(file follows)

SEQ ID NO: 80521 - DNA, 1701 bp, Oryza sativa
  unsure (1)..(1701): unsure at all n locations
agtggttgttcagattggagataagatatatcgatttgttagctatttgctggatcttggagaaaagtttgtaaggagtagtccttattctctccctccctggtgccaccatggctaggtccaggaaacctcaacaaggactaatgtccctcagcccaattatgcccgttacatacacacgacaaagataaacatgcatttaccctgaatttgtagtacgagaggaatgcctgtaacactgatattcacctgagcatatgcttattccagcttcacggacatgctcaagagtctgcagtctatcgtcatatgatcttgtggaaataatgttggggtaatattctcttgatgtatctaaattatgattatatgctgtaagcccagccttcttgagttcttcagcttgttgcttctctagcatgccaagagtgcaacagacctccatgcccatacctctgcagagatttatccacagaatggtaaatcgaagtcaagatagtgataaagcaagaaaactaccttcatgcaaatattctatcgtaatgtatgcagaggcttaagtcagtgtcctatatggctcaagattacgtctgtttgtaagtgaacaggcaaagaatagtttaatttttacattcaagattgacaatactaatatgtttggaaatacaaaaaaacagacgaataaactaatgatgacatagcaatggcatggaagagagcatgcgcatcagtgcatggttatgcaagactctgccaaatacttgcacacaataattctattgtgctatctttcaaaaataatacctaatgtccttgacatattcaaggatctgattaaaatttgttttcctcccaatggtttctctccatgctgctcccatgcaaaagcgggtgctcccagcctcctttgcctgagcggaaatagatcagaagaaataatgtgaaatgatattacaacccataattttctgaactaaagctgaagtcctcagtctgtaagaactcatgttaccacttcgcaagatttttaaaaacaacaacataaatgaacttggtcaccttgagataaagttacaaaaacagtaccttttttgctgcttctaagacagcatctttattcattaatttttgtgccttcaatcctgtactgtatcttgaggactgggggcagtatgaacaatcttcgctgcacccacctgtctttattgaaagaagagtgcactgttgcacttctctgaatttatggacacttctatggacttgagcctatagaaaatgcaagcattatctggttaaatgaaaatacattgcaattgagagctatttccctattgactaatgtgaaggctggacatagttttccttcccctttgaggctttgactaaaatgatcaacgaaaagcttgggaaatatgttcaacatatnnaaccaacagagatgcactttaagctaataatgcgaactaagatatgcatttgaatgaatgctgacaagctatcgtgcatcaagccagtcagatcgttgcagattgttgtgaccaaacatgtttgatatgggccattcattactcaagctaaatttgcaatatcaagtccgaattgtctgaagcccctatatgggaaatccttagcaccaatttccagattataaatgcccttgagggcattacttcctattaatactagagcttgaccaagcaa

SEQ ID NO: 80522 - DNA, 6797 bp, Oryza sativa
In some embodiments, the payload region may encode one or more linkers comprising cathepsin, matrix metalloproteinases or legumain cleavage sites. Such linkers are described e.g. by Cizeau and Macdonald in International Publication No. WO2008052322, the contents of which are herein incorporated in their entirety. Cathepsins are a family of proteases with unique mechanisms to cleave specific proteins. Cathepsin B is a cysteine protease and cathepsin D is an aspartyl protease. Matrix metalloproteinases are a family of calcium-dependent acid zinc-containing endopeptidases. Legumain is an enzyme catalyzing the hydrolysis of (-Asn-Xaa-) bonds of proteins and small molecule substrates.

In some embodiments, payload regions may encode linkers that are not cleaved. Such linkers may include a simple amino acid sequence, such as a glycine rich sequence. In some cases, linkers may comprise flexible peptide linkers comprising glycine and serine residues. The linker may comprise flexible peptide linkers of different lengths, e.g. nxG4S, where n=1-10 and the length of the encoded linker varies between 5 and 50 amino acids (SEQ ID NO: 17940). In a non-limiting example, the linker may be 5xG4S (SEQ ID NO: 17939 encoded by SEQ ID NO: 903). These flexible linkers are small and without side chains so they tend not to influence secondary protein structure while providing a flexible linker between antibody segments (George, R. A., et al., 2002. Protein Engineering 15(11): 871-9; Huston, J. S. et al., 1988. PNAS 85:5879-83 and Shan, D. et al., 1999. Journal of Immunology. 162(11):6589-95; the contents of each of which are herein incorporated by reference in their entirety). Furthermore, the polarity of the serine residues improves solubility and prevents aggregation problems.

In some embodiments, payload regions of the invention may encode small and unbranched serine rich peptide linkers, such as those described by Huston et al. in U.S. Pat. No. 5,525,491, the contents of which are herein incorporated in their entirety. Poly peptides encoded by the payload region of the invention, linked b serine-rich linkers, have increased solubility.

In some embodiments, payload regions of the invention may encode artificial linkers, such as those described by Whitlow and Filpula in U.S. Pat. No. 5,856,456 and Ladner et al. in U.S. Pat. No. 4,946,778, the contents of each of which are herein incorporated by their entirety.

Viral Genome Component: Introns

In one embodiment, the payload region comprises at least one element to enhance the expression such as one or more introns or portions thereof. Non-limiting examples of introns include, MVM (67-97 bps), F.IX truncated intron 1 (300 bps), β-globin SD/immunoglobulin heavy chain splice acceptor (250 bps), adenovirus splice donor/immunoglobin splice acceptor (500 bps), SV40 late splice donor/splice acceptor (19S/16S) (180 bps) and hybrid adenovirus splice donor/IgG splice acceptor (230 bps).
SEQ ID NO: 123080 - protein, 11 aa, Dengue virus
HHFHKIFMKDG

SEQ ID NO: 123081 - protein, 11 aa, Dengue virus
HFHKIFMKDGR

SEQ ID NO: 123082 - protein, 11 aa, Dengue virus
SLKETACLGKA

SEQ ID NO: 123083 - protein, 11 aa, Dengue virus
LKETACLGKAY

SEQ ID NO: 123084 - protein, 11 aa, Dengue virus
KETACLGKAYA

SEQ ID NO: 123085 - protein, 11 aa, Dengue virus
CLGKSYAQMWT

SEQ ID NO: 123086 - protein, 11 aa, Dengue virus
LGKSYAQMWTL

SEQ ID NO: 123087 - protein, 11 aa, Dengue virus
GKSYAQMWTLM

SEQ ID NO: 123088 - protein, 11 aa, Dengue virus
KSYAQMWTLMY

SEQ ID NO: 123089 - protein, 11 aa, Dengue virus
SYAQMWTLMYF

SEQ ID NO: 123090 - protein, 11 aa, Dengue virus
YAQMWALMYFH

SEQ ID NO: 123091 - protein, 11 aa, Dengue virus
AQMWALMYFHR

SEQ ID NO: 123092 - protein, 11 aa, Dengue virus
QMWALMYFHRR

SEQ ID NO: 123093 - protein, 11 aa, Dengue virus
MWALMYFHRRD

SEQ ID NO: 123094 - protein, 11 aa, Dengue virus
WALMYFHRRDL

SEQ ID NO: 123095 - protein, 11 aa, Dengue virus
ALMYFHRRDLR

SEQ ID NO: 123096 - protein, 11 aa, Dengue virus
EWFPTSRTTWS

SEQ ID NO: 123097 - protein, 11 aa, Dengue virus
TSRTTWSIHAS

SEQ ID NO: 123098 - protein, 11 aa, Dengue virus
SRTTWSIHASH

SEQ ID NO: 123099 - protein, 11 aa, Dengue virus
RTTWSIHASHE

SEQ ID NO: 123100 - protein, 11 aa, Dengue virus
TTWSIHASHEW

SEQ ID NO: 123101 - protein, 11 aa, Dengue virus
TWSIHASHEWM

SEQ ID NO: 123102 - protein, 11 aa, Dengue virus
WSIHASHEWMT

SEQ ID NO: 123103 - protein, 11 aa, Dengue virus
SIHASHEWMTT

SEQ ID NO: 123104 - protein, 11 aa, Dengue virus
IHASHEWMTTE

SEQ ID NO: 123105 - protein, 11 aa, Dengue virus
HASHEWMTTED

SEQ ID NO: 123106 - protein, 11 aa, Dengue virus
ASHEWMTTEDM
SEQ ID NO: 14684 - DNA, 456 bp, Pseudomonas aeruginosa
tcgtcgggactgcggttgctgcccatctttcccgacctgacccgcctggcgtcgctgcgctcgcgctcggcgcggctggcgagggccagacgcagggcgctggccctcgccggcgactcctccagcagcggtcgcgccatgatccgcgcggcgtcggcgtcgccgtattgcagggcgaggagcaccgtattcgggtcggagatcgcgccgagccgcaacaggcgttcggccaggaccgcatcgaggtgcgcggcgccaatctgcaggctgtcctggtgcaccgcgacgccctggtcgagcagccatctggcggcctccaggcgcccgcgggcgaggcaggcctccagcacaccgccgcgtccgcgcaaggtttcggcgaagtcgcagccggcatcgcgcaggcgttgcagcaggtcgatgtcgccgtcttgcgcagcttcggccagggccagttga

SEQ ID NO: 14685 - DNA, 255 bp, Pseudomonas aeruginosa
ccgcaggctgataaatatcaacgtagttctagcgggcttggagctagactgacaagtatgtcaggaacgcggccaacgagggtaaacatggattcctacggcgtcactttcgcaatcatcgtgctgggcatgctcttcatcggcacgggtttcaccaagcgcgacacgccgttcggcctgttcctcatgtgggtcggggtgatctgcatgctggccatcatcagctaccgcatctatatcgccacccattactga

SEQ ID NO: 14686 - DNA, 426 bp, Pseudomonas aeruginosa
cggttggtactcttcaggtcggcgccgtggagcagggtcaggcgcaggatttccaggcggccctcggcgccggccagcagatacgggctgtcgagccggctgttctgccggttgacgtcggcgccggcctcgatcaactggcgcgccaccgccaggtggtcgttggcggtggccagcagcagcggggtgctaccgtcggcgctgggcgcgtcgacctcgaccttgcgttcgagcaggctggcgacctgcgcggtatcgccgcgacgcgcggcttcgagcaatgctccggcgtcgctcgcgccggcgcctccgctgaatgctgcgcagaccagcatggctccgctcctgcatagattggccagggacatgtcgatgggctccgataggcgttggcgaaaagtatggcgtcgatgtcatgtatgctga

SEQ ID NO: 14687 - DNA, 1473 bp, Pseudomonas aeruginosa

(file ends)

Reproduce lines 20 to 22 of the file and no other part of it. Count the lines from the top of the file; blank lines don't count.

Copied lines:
KETACLGKAYA

SEQ ID NO: 123085 - protein, 11 aa, Dengue virus
CLGKSYAQMWT